Catherine’s farro white bean risotto

Farro is a type of wheat that originated in Egypt and became popular in Italy over two thousand years ago. Today, this healthy grain is popular in Europe, Asia and North America.

Farro (épautre in French) looks like a cross between brown rice and barley. It has a nutty taste and a delicate chewy texture.

The grain is a main ingredient in various organic or gourmet dishes. You can include farro in soups, mediterranean salads or vegetarian burgers. It’s a healthy substitute for rice or pasta dishes.

Farro has many health benefits. It’s high in fiber and protein and a good source of magnesium, manganese, zinc and iron. It’s an excellent source of B Vitamins, especially Vitamin B3 or niacin — a nutrient that helps break down carbohydrates, fat and protein. Farro is also an excellent source of complex carbohydrates, such as cyanogenic glucosides, that boost your immune system, regulate blood sugar levels and lower cholesterol.

We digest farro slowly, which results in a steady stream of energy throughout the day. It’s the perfect food when you’re on the go or working out. Farro contains lignan compounds—plant chemicals responsible for its high anti-oxidant content—making it a key food in the fight against cancer and heart disease.

Farro is not gluten free. If you have celiac disease, gluten intolerance or wheat allergies, you should not consume any foods that contain farro.

Here’s a delicious Farro White Bean Risotto recipe, which is a favourite in my family. Catherine Katz at is the author of this nutritious dish. Her recipe satisfies both vegetarian and non-vegetarian palates. If you’re vegan, you can substitute the grated cheese with smoked or silken tofu. Catherine’s risotto—also called farotto—is fun and easy to make. Give it a go.

Bon appétit!

Catherine’s Farro White Bean Risotto


Farro is a whole grain that has long been used in Meditarreanean cooking. Its nutty richness blends beautifully with the white wine and small beans in this simple risotto and the addition of organic soy milk gives it a rich creaminess. I think of this risotto as a protein-rich side dish with Grilled Veggies or sautéed mushrooms, spinach, kale, red chard, butternut squash, the list is endless, whatever you grow in your garden-I leave it to your imagination! All you need is a great big mixed greens salad, and you got yourself a complete dinner!

Cuisinicity Tip: I like to use a very flavorful cheese, such as Gruyère de Comté or Manchego cheese (you can also use smoked mozzarella) because I use it very sparingly–1/3 cup is all it needs– to give it the richness.

Serves: 4-6


3 Tbsp olive oil

1 medium onion, peeled and finely chopped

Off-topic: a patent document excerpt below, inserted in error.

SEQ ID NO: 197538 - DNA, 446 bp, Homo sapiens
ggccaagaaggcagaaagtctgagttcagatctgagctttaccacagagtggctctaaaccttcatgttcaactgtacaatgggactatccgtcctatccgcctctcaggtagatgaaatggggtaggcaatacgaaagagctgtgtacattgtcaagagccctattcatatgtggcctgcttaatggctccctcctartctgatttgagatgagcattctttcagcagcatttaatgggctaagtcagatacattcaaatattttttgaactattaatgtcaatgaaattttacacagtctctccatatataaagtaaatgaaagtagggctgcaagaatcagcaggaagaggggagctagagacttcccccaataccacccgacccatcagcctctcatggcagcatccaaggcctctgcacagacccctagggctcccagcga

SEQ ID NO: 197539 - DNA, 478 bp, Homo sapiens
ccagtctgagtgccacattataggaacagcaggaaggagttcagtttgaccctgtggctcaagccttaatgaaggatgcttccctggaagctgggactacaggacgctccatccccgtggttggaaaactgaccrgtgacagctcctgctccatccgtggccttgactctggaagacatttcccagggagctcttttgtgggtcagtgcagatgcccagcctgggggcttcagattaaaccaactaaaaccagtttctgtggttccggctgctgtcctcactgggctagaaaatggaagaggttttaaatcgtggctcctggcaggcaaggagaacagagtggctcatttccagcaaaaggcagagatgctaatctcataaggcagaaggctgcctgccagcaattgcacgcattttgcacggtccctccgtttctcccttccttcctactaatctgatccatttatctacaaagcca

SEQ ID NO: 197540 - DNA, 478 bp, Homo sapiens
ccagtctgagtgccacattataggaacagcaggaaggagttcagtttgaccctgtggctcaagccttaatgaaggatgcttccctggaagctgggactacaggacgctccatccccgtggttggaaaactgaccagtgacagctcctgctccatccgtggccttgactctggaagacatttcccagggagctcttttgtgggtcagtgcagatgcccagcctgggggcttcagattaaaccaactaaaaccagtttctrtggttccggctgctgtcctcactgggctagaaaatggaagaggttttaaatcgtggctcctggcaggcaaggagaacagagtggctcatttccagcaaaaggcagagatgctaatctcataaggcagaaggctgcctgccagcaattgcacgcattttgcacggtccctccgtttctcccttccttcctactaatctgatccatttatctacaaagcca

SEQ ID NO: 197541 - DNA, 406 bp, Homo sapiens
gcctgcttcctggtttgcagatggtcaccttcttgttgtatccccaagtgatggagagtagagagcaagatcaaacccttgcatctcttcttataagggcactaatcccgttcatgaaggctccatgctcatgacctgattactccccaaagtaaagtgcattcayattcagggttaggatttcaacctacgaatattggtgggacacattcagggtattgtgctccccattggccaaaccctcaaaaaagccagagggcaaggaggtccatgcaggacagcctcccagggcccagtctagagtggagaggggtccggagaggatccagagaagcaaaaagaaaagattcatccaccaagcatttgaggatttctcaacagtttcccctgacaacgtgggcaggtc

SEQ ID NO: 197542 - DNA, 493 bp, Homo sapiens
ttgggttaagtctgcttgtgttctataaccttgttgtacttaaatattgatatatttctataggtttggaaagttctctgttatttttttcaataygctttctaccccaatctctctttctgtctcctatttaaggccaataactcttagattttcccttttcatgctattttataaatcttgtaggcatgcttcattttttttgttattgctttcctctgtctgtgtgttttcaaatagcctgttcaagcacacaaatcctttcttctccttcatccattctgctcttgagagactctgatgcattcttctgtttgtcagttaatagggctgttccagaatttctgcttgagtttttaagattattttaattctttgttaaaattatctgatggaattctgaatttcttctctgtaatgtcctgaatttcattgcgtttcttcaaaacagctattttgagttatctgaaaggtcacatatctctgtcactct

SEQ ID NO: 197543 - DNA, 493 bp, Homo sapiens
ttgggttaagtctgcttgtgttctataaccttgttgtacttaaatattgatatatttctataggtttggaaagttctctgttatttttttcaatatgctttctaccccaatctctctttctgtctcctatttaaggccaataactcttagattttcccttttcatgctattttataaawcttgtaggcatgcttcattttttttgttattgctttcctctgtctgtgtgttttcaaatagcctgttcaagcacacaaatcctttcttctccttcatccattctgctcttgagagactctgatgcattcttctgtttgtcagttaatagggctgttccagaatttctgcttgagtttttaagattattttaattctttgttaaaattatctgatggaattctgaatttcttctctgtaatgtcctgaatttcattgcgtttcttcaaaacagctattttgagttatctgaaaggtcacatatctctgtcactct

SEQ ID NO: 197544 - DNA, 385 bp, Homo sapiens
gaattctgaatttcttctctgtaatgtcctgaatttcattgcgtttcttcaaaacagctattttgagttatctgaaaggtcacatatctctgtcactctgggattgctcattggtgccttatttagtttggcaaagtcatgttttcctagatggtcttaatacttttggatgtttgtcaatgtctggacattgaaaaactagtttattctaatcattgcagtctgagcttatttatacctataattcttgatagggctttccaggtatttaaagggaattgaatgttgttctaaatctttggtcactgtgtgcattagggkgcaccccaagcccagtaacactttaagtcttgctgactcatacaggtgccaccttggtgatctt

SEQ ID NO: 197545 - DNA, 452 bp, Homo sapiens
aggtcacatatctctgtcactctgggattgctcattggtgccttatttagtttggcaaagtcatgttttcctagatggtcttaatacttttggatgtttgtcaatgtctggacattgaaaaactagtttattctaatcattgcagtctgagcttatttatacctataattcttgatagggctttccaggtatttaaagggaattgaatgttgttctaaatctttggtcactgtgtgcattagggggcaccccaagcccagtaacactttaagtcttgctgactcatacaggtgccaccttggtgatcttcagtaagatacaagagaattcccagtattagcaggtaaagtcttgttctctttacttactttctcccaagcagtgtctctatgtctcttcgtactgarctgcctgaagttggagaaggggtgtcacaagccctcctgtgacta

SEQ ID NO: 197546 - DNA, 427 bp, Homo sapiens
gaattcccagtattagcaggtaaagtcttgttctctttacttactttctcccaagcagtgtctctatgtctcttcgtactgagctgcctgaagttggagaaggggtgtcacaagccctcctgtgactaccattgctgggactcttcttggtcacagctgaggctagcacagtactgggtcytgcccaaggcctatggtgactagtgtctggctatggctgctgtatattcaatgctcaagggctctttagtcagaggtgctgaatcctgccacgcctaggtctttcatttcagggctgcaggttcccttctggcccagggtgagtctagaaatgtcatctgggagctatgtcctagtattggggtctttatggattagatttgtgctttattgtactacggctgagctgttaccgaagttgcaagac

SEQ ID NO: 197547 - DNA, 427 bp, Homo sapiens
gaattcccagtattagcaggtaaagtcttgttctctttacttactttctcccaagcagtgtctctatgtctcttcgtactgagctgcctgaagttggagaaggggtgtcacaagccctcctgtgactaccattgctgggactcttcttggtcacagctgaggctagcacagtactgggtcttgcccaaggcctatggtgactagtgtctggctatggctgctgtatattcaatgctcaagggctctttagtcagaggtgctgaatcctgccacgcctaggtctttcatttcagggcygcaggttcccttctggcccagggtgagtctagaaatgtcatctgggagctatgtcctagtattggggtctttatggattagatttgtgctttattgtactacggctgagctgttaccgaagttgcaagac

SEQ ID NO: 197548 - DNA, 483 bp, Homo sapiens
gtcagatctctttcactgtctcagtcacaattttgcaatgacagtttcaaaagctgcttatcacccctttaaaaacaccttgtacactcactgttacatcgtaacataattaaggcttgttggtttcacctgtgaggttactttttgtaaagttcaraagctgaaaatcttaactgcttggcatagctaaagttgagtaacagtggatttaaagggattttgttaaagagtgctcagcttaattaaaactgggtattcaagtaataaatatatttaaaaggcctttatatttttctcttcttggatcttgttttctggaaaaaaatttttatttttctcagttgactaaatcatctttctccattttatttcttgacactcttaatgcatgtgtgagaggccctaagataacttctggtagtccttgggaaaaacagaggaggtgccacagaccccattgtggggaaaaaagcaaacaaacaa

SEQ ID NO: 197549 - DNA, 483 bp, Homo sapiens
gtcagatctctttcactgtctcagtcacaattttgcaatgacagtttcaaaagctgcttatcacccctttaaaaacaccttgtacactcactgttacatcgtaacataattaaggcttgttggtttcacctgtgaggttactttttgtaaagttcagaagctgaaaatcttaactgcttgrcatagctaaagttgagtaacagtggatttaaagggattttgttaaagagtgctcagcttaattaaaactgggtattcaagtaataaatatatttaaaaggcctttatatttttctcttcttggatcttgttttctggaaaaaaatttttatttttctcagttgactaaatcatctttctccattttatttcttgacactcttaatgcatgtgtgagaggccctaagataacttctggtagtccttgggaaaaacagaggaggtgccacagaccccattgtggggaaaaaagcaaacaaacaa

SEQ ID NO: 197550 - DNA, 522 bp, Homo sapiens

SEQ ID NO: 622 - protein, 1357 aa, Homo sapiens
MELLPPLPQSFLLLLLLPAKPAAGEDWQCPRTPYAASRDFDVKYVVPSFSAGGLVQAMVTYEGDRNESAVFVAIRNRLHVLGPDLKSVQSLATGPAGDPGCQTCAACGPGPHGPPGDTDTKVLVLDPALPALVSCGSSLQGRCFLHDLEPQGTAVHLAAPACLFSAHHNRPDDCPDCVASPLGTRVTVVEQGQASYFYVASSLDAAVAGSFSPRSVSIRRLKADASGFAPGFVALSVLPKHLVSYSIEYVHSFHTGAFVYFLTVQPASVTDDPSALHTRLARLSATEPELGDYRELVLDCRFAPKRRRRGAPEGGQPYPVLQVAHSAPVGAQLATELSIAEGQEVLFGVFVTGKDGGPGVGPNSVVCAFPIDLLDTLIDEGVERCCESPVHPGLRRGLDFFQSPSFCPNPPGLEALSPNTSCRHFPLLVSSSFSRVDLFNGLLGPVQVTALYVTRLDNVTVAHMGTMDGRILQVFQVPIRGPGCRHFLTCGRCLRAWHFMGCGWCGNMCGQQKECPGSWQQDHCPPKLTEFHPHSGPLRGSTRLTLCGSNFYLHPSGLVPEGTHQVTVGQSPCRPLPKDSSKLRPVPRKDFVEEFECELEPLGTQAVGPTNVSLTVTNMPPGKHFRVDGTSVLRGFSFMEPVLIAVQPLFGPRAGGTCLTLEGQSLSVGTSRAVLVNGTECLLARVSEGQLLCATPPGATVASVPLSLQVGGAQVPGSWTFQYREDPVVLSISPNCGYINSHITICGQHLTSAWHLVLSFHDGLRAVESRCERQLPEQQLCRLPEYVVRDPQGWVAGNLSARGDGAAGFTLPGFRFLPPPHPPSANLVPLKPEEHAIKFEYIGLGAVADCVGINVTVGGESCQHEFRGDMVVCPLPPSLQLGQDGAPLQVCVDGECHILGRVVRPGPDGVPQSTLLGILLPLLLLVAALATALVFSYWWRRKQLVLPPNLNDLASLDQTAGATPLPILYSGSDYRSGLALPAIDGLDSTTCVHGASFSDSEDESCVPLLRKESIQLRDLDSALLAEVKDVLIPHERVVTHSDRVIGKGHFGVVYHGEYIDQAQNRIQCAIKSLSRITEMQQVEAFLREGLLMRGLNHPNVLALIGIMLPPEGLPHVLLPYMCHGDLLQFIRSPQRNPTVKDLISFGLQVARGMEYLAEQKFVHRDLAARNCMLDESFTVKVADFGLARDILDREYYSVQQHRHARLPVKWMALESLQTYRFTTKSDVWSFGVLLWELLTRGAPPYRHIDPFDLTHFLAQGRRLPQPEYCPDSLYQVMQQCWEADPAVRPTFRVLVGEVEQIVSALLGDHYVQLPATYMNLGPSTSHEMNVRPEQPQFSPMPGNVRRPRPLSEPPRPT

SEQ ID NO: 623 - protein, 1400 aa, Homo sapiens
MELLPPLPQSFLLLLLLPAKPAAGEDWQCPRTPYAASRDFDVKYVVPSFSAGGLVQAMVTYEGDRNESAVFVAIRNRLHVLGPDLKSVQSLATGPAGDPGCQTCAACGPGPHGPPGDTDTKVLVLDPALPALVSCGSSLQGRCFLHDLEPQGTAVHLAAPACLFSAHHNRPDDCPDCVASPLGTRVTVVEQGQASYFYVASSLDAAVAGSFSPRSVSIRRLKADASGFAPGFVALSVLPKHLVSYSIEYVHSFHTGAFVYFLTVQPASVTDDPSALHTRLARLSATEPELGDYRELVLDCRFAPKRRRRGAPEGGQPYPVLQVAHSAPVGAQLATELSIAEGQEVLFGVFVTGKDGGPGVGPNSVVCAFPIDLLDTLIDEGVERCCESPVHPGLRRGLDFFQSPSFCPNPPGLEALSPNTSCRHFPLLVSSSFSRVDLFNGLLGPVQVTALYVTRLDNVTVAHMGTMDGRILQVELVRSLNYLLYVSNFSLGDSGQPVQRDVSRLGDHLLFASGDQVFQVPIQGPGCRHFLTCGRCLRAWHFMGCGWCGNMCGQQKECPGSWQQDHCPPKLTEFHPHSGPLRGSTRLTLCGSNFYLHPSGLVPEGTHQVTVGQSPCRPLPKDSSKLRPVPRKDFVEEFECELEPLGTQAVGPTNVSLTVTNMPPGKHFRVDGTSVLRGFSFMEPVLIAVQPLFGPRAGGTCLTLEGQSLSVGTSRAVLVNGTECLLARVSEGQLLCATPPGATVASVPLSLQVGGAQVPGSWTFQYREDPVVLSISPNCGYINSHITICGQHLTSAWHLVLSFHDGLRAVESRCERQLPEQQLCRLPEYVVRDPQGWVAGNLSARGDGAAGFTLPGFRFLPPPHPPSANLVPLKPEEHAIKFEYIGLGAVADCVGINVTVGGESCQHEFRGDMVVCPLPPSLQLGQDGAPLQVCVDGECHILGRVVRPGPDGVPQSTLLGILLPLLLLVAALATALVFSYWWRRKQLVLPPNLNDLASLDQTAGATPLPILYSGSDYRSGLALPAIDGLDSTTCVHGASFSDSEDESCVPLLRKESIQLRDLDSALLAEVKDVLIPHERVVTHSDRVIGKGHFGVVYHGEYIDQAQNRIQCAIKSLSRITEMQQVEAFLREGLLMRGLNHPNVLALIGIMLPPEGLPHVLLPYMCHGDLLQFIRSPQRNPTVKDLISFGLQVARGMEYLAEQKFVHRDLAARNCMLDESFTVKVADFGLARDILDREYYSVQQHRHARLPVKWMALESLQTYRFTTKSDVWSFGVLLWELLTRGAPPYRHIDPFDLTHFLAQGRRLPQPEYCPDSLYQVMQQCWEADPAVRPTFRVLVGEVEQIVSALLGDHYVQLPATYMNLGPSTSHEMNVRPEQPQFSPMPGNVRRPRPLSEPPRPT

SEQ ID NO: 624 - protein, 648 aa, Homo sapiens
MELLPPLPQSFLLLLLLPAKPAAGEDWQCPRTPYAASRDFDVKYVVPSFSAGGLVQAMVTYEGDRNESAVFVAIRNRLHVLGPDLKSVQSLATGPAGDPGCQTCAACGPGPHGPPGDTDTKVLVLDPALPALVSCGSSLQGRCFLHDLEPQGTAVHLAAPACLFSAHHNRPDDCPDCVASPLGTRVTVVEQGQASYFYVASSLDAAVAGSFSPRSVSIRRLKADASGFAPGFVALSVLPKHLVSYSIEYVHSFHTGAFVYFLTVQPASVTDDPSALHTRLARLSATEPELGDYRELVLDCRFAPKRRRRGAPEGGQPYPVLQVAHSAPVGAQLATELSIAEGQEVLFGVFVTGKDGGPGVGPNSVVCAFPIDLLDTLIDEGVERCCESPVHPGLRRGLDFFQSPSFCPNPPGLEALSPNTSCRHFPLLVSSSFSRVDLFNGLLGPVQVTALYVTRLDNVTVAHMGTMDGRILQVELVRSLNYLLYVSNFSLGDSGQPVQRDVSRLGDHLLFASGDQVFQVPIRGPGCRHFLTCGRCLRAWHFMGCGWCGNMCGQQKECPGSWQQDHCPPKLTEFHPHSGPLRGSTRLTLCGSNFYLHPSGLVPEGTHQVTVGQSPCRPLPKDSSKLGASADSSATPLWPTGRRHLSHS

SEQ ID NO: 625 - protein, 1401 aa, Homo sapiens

2 cloves garlic, minced

1½ cup organic dry faro* (see note below)

1 cup white wine

3 cups water

½ cup organic soy milk (unsweetened)

1 can (15 oz) navy beans (unsalted), well rinsed and drained

⅓ cup grated Gruyère or Manchego cheese

½ tsp salt

Lots of fresh ground black pepper


Sautee the onion and garlic in olive oil in a large shallow pan for a few minutes until soft.

Add dry farro to the pan and stir with a wood spoon to coat with the olive oil well and continue to cook for a couple minutes.

Turn down the heat a little and add the wine (it will sizzle–I love that sound!!), water and salt and simmer, covered for 15 minutes.

Stir in the soy milk and beans and continue to simmer uncovered for an additional 10-15 minutes, or until most of the liquid is absorbed (some of it left is good as it will blend with the melted cheese-yum!).

Turn off the heat and add the cheese and ground pepper, stirring gently to blend and sprinkle with a little fresh rosemary.

* Whole grain farro is healthier than the pearled or semi-pearled kind. However, the whole grain type requires more cooking time. For better results, before making the recipe, put the dry whole grain farro in a bowl and cover it with cool water for 8 to 16 hours in the refrigerator. 

For direct viewing of this recipe page, please click here.

Photo credit: Catherine Katz

Julie Zimmer

Julie has extensive experience in nursing practice and education in a wide range of fields from intensive/coronary care, to medical-surgical to community and public health. Julie has Bachelor Degrees in Psychology and Nursing, and a Master’s Degree in Community Health Nursing Education. She has taught in faculties of nursing and in various communities in Toronto, Canada and in Geneva, Switzerland, and is a consultant to the International Council of Nurses (ICN). Julie also has years of experience teaching English as a foreign language (EFL) in addition to coordinating an English department in a Swiss private school.

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